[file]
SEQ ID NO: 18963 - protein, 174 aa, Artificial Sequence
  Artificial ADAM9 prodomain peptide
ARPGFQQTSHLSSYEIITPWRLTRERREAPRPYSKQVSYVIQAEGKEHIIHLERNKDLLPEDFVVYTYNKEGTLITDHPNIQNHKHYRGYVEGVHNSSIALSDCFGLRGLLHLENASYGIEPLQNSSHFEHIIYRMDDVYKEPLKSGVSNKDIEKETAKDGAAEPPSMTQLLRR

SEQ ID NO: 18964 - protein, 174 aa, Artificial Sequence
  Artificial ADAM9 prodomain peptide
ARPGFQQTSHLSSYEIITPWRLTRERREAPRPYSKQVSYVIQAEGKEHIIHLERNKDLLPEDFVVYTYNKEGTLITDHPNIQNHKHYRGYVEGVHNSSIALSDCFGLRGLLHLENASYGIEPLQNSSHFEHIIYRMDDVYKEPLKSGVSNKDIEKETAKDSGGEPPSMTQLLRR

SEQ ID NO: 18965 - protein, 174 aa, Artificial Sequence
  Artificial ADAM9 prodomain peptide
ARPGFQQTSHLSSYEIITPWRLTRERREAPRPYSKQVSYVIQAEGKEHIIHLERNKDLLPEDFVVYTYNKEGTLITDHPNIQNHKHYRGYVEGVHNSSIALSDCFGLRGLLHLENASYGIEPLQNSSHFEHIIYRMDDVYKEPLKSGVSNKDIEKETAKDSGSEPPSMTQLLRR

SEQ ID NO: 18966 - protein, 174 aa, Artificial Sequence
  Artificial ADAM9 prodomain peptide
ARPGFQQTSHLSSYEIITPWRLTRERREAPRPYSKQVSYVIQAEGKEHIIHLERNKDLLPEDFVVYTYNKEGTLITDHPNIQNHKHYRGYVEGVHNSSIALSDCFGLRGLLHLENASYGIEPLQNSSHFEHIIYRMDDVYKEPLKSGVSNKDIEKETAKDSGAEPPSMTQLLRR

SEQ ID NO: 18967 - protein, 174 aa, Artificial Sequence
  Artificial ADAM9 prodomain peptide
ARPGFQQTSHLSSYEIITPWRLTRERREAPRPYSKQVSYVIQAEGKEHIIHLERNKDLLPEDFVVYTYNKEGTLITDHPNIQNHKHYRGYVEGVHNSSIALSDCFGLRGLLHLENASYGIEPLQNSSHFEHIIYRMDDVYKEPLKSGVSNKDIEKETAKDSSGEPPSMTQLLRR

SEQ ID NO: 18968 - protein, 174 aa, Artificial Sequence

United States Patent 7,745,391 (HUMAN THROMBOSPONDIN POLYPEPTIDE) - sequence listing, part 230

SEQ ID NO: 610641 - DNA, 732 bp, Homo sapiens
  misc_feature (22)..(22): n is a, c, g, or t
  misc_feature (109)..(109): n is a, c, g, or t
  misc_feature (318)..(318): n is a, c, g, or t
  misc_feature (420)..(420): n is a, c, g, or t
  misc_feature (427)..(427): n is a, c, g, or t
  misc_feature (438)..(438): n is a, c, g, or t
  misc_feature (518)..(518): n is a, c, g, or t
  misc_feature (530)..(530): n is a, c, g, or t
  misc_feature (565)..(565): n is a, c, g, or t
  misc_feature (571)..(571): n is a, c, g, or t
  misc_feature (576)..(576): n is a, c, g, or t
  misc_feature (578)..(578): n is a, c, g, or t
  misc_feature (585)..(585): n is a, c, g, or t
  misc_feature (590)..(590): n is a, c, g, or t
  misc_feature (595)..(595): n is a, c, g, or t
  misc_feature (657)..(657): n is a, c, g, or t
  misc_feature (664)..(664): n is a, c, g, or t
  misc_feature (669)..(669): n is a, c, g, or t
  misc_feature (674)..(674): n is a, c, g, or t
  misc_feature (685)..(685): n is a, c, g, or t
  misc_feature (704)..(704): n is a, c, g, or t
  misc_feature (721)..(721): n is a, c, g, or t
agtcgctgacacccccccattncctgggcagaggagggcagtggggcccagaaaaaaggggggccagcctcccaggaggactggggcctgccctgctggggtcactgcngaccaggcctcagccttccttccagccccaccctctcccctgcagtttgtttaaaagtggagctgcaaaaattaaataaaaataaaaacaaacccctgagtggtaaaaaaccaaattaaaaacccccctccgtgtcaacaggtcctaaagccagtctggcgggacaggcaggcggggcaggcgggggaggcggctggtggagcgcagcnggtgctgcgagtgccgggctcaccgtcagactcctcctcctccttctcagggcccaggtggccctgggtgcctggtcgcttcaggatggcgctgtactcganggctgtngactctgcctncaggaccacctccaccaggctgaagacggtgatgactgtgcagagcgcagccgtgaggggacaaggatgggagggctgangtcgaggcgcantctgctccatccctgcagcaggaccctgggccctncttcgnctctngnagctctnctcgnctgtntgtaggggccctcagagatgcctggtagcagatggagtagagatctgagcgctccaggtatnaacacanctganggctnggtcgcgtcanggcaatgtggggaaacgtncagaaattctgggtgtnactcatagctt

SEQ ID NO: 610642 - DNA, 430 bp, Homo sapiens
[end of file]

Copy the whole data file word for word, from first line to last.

SEQ ID NO: 18963 - protein, 174 aa, Artificial Sequence
  Artificial ADAM9 prodomain peptide
ARPGFQQTSHLSSYEIITPWRLTRERREAPRPYSKQVSYVIQAEGKEHIIHLERNKDLLPEDFVVYTYNKEGTLITDHPNIQNHKHYRGYVEGVHNSSIALSDCFGLRGLLHLENASYGIEPLQNSSHFEHIIYRMDDVYKEPLKSGVSNKDIEKETAKDGAAEPPSMTQLLRR

SEQ ID NO: 18964 - protein, 174 aa, Artificial Sequence
  Artificial ADAM9 prodomain peptide
ARPGFQQTSHLSSYEIITPWRLTRERREAPRPYSKQVSYVIQAEGKEHIIHLERNKDLLPEDFVVYTYNKEGTLITDHPNIQNHKHYRGYVEGVHNSSIALSDCFGLRGLLHLENASYGIEPLQNSSHFEHIIYRMDDVYKEPLKSGVSNKDIEKETAKDSGGEPPSMTQLLRR

SEQ ID NO: 18965 - protein, 174 aa, Artificial Sequence
  Artificial ADAM9 prodomain peptide
ARPGFQQTSHLSSYEIITPWRLTRERREAPRPYSKQVSYVIQAEGKEHIIHLERNKDLLPEDFVVYTYNKEGTLITDHPNIQNHKHYRGYVEGVHNSSIALSDCFGLRGLLHLENASYGIEPLQNSSHFEHIIYRMDDVYKEPLKSGVSNKDIEKETAKDSGSEPPSMTQLLRR

SEQ ID NO: 18966 - protein, 174 aa, Artificial Sequence
  Artificial ADAM9 prodomain peptide
ARPGFQQTSHLSSYEIITPWRLTRERREAPRPYSKQVSYVIQAEGKEHIIHLERNKDLLPEDFVVYTYNKEGTLITDHPNIQNHKHYRGYVEGVHNSSIALSDCFGLRGLLHLENASYGIEPLQNSSHFEHIIYRMDDVYKEPLKSGVSNKDIEKETAKDSGAEPPSMTQLLRR

SEQ ID NO: 18967 - protein, 174 aa, Artificial Sequence
  Artificial ADAM9 prodomain peptide
ARPGFQQTSHLSSYEIITPWRLTRERREAPRPYSKQVSYVIQAEGKEHIIHLERNKDLLPEDFVVYTYNKEGTLITDHPNIQNHKHYRGYVEGVHNSSIALSDCFGLRGLLHLENASYGIEPLQNSSHFEHIIYRMDDVYKEPLKSGVSNKDIEKETAKDSSGEPPSMTQLLRR

SEQ ID NO: 18968 - protein, 174 aa, Artificial Sequence

United States Patent 7,745,391 (HUMAN THROMBOSPONDIN POLYPEPTIDE) - sequence listing, part 230

SEQ ID NO: 610641 - DNA, 732 bp, Homo sapiens
  misc_feature (22)..(22): n is a, c, g, or t
  misc_feature (109)..(109): n is a, c, g, or t
  misc_feature (318)..(318): n is a, c, g, or t
  misc_feature (420)..(420): n is a, c, g, or t
  misc_feature (427)..(427): n is a, c, g, or t
  misc_feature (438)..(438): n is a, c, g, or t
  misc_feature (518)..(518): n is a, c, g, or t
  misc_feature (530)..(530): n is a, c, g, or t
  misc_feature (565)..(565): n is a, c, g, or t
  misc_feature (571)..(571): n is a, c, g, or t
  misc_feature (576)..(576): n is a, c, g, or t
  misc_feature (578)..(578): n is a, c, g, or t
  misc_feature (585)..(585): n is a, c, g, or t
  misc_feature (590)..(590): n is a, c, g, or t
  misc_feature (595)..(595): n is a, c, g, or t
  misc_feature (657)..(657): n is a, c, g, or t
  misc_feature (664)..(664): n is a, c, g, or t
  misc_feature (669)..(669): n is a, c, g, or t
  misc_feature (674)..(674): n is a, c, g, or t
  misc_feature (685)..(685): n is a, c, g, or t
  misc_feature (704)..(704): n is a, c, g, or t
  misc_feature (721)..(721): n is a, c, g, or t
agtcgctgacacccccccattncctgggcagaggagggcagtggggcccagaaaaaaggggggccagcctcccaggaggactggggcctgccctgctggggtcactgcngaccaggcctcagccttccttccagccccaccctctcccctgcagtttgtttaaaagtggagctgcaaaaattaaataaaaataaaaacaaacccctgagtggtaaaaaaccaaattaaaaacccccctccgtgtcaacaggtcctaaagccagtctggcgggacaggcaggcggggcaggcgggggaggcggctggtggagcgcagcnggtgctgcgagtgccgggctcaccgtcagactcctcctcctccttctcagggcccaggtggccctgggtgcctggtcgcttcaggatggcgctgtactcganggctgtngactctgcctncaggaccacctccaccaggctgaagacggtgatgactgtgcagagcgcagccgtgaggggacaaggatgggagggctgangtcgaggcgcantctgctccatccctgcagcaggaccctgggccctncttcgnctctngnagctctnctcgnctgtntgtaggggccctcagagatgcctggtagcagatggagtagagatctgagcgctccaggtatnaacacanctganggctnggtcgcgtcanggcaatgtggggaaacgtncagaaattctgggtgtnactcatagctt

SEQ ID NO: 610642 - DNA, 430 bp, Homo sapiens